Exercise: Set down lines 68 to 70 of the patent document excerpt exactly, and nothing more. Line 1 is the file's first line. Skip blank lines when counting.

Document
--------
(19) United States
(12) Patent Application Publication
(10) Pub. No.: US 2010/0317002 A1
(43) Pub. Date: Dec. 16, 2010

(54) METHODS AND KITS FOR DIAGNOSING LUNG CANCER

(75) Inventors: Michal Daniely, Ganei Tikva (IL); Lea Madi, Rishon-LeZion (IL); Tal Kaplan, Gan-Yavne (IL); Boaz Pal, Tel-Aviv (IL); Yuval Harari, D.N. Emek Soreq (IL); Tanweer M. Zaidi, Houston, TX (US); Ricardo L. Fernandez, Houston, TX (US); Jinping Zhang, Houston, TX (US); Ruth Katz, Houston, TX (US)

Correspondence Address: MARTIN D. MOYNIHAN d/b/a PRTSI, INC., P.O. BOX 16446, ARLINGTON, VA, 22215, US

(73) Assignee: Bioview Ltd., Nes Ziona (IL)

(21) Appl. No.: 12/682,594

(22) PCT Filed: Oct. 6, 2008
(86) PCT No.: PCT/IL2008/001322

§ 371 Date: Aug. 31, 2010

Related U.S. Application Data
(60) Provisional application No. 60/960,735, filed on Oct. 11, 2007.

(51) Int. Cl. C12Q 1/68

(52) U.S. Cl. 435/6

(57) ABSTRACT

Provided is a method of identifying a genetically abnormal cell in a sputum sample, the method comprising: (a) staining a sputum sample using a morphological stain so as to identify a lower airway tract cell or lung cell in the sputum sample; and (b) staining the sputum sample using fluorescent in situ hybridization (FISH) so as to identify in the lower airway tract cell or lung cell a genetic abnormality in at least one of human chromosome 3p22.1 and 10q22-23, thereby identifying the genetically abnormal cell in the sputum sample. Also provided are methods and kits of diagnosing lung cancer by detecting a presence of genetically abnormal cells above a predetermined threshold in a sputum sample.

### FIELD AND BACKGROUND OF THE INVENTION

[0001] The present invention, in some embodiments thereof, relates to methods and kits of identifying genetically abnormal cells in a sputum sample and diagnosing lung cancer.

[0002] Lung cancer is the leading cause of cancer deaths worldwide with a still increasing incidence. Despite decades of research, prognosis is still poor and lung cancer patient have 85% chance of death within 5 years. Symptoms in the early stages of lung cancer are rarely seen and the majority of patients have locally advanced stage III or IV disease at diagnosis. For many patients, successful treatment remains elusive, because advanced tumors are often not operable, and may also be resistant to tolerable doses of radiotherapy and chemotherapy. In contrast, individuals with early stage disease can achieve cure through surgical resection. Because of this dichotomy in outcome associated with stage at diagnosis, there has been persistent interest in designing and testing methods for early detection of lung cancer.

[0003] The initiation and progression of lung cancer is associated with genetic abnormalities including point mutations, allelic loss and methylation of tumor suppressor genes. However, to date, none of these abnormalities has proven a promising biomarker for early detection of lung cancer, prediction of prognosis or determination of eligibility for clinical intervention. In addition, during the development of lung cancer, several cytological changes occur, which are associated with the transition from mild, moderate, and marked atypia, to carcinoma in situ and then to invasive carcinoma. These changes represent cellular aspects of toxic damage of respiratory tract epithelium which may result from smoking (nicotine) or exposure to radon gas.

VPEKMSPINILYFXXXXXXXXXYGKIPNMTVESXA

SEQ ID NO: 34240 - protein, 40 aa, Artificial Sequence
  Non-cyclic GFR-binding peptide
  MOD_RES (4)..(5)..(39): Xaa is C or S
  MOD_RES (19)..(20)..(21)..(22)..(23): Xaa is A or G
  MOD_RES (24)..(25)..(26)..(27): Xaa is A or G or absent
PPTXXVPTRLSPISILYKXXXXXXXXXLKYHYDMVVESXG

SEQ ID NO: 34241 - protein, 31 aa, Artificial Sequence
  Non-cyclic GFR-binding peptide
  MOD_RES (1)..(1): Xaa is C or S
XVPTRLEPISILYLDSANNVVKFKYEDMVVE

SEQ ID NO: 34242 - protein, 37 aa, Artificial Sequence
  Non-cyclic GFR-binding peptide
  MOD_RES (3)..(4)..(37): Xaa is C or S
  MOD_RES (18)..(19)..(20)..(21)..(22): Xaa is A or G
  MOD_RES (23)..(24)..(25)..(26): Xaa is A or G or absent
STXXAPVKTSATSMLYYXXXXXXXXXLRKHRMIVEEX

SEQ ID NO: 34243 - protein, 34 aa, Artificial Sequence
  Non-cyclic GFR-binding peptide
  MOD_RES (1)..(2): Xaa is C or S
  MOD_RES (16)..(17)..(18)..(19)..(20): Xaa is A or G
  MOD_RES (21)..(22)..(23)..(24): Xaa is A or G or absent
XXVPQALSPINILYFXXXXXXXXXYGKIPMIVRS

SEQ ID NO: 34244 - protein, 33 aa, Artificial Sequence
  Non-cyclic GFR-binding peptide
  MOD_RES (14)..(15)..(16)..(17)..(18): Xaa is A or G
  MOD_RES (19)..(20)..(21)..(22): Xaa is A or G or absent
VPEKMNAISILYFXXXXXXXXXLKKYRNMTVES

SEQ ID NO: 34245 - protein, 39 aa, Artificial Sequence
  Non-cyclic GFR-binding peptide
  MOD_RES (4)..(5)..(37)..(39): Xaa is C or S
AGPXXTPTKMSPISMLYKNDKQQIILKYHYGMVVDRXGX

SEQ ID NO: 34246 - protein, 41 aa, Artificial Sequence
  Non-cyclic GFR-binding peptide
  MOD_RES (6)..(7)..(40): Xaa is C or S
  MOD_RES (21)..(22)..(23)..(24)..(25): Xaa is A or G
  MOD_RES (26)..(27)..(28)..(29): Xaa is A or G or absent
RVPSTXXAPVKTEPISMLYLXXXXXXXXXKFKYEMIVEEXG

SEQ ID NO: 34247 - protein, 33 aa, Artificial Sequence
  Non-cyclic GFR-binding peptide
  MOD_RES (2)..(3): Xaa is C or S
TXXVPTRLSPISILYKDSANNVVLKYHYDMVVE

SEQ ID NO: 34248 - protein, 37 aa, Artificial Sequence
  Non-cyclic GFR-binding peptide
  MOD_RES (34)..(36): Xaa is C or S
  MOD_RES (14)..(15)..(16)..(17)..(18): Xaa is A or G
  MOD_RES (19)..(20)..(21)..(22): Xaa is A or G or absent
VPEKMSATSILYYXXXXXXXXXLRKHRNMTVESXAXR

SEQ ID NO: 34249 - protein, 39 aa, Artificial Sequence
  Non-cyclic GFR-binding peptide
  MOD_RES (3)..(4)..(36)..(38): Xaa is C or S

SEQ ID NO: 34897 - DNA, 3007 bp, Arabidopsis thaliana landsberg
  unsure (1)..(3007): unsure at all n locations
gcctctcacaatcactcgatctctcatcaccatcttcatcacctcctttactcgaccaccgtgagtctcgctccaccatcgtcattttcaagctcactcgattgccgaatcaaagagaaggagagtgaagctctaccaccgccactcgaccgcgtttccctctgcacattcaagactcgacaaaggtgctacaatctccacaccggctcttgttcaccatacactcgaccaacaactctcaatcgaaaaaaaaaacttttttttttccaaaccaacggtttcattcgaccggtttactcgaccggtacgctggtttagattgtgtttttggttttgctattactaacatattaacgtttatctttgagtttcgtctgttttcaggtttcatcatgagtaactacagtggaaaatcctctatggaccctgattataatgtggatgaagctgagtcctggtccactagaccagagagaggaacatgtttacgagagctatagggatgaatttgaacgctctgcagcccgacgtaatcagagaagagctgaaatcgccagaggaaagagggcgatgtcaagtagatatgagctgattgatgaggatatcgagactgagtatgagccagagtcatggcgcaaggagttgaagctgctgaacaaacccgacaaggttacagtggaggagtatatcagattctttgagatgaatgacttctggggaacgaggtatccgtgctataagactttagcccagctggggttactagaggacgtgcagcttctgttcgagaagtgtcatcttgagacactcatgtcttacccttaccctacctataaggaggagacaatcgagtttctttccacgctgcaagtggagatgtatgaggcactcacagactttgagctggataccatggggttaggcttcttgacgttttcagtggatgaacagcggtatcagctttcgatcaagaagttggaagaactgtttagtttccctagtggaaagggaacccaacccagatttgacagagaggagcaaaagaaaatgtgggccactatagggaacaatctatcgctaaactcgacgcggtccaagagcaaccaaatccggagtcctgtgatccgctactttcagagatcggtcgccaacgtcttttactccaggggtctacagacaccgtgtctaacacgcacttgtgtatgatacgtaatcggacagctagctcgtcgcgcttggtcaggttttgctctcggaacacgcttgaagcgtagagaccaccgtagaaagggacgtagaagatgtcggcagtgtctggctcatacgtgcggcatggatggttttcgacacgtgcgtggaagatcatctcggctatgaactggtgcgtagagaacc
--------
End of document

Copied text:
  MOD_RES (14)..(15)..(16)..(17)..(18): Xaa is A or G
  MOD_RES (19)..(20)..(21)..(22): Xaa is A or G or absent
VPEKMSATSILYYXXXXXXXXXLRKHRNMTVESXAXR